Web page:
The motor fires quickly and loudly. It displaces just 3397cc and is forced to breathe through 44mm restrictors, but somehow the alchemists in the engine shop have squeezed from it 503bhp at 10,300rpm and 273lb ft at 7500rpm. So, as Roland Kussmaul, a man with a direct link to every post-956 racing Porsche, asks me not to bin it, it’s time to consider three simple facts: 503bhp, 775kg, cold slicks.
The car’s aggressive appearance and disjointed boarding procedure has prepared you for the worst, but an unexpectedly friendly character is confirmed within 100 yards of pulling away: it’s easy to drive. A simple foot clutch gets you moving, after which the Spyder becomes a strictly two-pedal, two-paddle device. Flick the right paddle to shift up, the left to shift down. It sounds simple. And that’s before you suss the uncanny accuracy with which the electronic systems blend the changes. Like any race transmission, it likes to work under maximum duress, and there’s significant slip from the cold rubber, but even so I have never driven a car that assists its driver so comprehensively.
The traction control system has many different maps for changing weather conditions and is understandably set to ‘full wally’ for my purposes, allowing me to lean on the rear axle from cold (although the car will still spin with the traction control on, apparently) and marvel at this six-speed transmission. Flat shifts from second to third send only the faintest flutter through the body. Remarkably, it’s even smoother coming back down the ’box. From 140mph in fifth, the driver simply flicks the left paddle, then waits the few milliseconds it takes for the black box to assimilate the difference between crank and cog speeds and apportion the precise number of revs to bridge that gap. This process is seamless, making a mockery of jerky road-going equivalents.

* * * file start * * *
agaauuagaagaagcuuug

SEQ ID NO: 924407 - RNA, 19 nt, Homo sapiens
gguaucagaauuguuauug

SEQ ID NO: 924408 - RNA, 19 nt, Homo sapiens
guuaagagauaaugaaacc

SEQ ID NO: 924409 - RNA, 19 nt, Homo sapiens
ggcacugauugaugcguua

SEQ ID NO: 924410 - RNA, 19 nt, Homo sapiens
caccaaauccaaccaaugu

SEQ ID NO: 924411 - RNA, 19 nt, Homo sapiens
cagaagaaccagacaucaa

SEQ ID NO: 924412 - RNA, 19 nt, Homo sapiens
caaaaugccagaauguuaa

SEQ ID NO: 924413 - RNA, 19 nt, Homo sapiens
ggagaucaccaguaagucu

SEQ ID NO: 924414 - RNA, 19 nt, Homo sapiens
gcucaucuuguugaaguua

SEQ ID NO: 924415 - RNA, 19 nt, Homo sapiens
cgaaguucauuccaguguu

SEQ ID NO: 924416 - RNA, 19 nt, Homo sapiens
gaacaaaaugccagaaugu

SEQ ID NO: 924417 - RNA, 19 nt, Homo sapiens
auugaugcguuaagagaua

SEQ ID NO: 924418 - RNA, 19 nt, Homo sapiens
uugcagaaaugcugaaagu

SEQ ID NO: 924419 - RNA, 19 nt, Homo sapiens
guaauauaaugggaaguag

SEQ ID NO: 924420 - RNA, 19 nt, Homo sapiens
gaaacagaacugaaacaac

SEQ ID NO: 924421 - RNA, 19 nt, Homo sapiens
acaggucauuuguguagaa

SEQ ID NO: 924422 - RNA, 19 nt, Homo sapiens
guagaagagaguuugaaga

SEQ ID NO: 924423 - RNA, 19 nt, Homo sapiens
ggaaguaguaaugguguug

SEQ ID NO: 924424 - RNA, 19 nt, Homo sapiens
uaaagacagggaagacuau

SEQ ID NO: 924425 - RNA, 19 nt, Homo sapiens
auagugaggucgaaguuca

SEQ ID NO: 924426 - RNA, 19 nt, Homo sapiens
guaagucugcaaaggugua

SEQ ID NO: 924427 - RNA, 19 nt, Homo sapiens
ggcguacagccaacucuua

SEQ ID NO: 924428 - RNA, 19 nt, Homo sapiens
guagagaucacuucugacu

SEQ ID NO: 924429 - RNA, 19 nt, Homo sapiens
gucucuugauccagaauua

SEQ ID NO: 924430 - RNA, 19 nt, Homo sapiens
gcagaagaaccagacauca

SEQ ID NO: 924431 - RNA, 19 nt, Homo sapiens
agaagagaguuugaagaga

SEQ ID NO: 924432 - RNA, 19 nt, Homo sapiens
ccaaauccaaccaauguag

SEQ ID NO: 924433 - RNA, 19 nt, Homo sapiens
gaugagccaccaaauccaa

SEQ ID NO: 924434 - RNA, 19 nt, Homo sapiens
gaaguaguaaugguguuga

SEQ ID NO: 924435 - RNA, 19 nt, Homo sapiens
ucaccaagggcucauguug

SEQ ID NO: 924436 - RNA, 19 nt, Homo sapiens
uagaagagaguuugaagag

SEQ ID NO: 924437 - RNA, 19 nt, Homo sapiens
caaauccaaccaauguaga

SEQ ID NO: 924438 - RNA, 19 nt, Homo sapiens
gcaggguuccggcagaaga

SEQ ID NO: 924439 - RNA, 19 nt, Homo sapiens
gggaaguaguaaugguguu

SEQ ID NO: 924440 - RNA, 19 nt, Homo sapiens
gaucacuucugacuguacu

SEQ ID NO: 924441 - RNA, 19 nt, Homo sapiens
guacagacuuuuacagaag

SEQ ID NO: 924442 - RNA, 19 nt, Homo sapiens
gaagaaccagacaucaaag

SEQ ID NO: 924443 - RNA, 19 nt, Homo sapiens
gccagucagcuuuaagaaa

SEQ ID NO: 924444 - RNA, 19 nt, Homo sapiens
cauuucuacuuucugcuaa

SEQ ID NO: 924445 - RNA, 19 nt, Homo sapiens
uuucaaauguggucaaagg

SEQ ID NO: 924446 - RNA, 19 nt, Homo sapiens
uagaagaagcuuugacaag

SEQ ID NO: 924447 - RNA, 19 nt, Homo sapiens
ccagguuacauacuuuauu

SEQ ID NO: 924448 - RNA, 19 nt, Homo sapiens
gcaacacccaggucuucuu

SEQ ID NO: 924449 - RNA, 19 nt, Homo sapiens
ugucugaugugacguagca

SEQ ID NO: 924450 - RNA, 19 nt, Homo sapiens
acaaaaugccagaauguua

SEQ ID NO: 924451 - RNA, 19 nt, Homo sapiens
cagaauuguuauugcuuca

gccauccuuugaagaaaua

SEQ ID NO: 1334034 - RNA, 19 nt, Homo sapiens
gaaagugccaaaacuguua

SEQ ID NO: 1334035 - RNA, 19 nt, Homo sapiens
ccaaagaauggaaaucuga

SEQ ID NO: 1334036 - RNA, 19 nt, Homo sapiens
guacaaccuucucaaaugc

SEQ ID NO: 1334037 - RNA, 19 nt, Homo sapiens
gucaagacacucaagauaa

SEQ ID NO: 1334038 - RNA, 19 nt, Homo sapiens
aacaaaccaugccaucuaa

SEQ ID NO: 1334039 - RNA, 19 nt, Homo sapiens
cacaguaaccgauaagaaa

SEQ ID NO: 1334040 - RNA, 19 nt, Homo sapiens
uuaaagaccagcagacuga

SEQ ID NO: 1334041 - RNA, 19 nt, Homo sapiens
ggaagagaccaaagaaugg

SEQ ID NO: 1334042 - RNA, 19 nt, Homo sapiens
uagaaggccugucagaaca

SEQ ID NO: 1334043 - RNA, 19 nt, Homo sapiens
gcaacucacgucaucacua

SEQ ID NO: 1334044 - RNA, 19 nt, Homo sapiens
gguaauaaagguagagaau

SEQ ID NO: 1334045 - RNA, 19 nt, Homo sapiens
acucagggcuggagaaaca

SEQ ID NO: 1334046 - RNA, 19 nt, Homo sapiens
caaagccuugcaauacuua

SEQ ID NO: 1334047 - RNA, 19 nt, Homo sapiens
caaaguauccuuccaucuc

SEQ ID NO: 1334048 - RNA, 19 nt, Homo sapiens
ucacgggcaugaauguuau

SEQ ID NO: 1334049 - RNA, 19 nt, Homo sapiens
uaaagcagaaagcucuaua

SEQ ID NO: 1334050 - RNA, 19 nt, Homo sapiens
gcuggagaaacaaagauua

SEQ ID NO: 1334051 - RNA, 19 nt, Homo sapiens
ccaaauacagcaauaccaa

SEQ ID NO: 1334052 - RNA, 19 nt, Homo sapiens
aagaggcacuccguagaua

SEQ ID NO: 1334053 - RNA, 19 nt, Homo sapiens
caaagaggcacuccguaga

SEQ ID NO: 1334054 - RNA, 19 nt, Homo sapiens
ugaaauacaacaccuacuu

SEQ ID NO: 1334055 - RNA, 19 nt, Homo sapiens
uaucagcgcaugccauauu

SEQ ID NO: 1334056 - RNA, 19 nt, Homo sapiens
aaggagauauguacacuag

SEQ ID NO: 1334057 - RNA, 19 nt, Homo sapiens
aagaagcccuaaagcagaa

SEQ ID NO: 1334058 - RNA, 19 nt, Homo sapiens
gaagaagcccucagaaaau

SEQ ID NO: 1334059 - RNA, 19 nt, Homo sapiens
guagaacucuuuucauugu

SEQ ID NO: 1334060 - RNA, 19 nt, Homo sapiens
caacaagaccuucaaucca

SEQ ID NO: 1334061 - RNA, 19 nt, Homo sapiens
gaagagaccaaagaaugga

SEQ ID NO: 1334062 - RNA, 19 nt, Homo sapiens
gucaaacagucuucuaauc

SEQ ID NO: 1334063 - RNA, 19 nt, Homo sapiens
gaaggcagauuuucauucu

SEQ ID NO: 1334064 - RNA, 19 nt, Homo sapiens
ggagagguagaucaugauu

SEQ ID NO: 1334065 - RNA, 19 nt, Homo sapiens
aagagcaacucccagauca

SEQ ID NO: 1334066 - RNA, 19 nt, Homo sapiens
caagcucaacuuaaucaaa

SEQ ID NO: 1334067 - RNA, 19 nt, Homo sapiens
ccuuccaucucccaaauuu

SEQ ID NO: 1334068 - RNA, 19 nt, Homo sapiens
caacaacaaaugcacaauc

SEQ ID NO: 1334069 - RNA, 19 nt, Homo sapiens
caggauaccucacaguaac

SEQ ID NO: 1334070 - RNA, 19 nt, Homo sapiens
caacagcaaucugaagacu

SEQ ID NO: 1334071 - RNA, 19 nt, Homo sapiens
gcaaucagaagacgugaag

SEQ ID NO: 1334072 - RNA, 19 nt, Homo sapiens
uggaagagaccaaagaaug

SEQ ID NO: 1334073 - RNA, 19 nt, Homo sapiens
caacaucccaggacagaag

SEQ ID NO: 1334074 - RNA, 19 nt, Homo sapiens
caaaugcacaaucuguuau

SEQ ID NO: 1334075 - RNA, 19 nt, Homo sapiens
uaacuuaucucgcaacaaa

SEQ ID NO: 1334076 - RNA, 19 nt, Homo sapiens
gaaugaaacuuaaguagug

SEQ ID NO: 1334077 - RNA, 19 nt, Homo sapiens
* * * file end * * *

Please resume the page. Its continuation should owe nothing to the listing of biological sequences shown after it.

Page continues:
And the brakes – 380mm front and 355mm rear carbon discs – are mind-blowing. With some tyre temperature, it’s now possible to carry more corner speed and thump down the straights. Acceleration is strong up to about 140mph, but then begins to tail off because the Spyder runs more wing than a Fokker Triplane. Lift off the throttle at 155mph and it decelerates like a modern road car using half its braking performance. This means that the Spyder’s initial retardation is aerodynamically assisted, that you can punch the middle pedal as hard as you dare, bracing yourself in the belts as the car pulls 3g. But as speed is shed, so is aero effect, and this means that, just at the point your brain tells you to push a touch harder on the pedal, actually you must reduce pressure in preparation for mechanical grip’s takeover. It’s a strange feeling, but becomes instinctive fairly quickly.
The car’s agility, though, is more difficult to comprehend. Weissach is a technical circuit shrouded in concrete obstacles, yet the Spyder slices at 100mph through turns which a GT3 RS couldn’t manage at 65mph. The final banked right-hander generates in the region of 2.5 lateral g, and after 10 laps my neck is throbbing. Modern racing drivers need to be incredibly fit.
Given the vigour with which it spun its V8 into life, you could assume that the new Spyder’s starter motor is as powerful as the 550’s engine. The air-cooled flat-four has been warming for a few minutes, but I lean in and switch it off. Whereas I was desperate to jump in and drive the other, I want to walk around the 550, absorb its shape and details. Only time will tell if future generations will stalk around surviving RS Spyders 50 years from now and coo with delight – but I doubt it.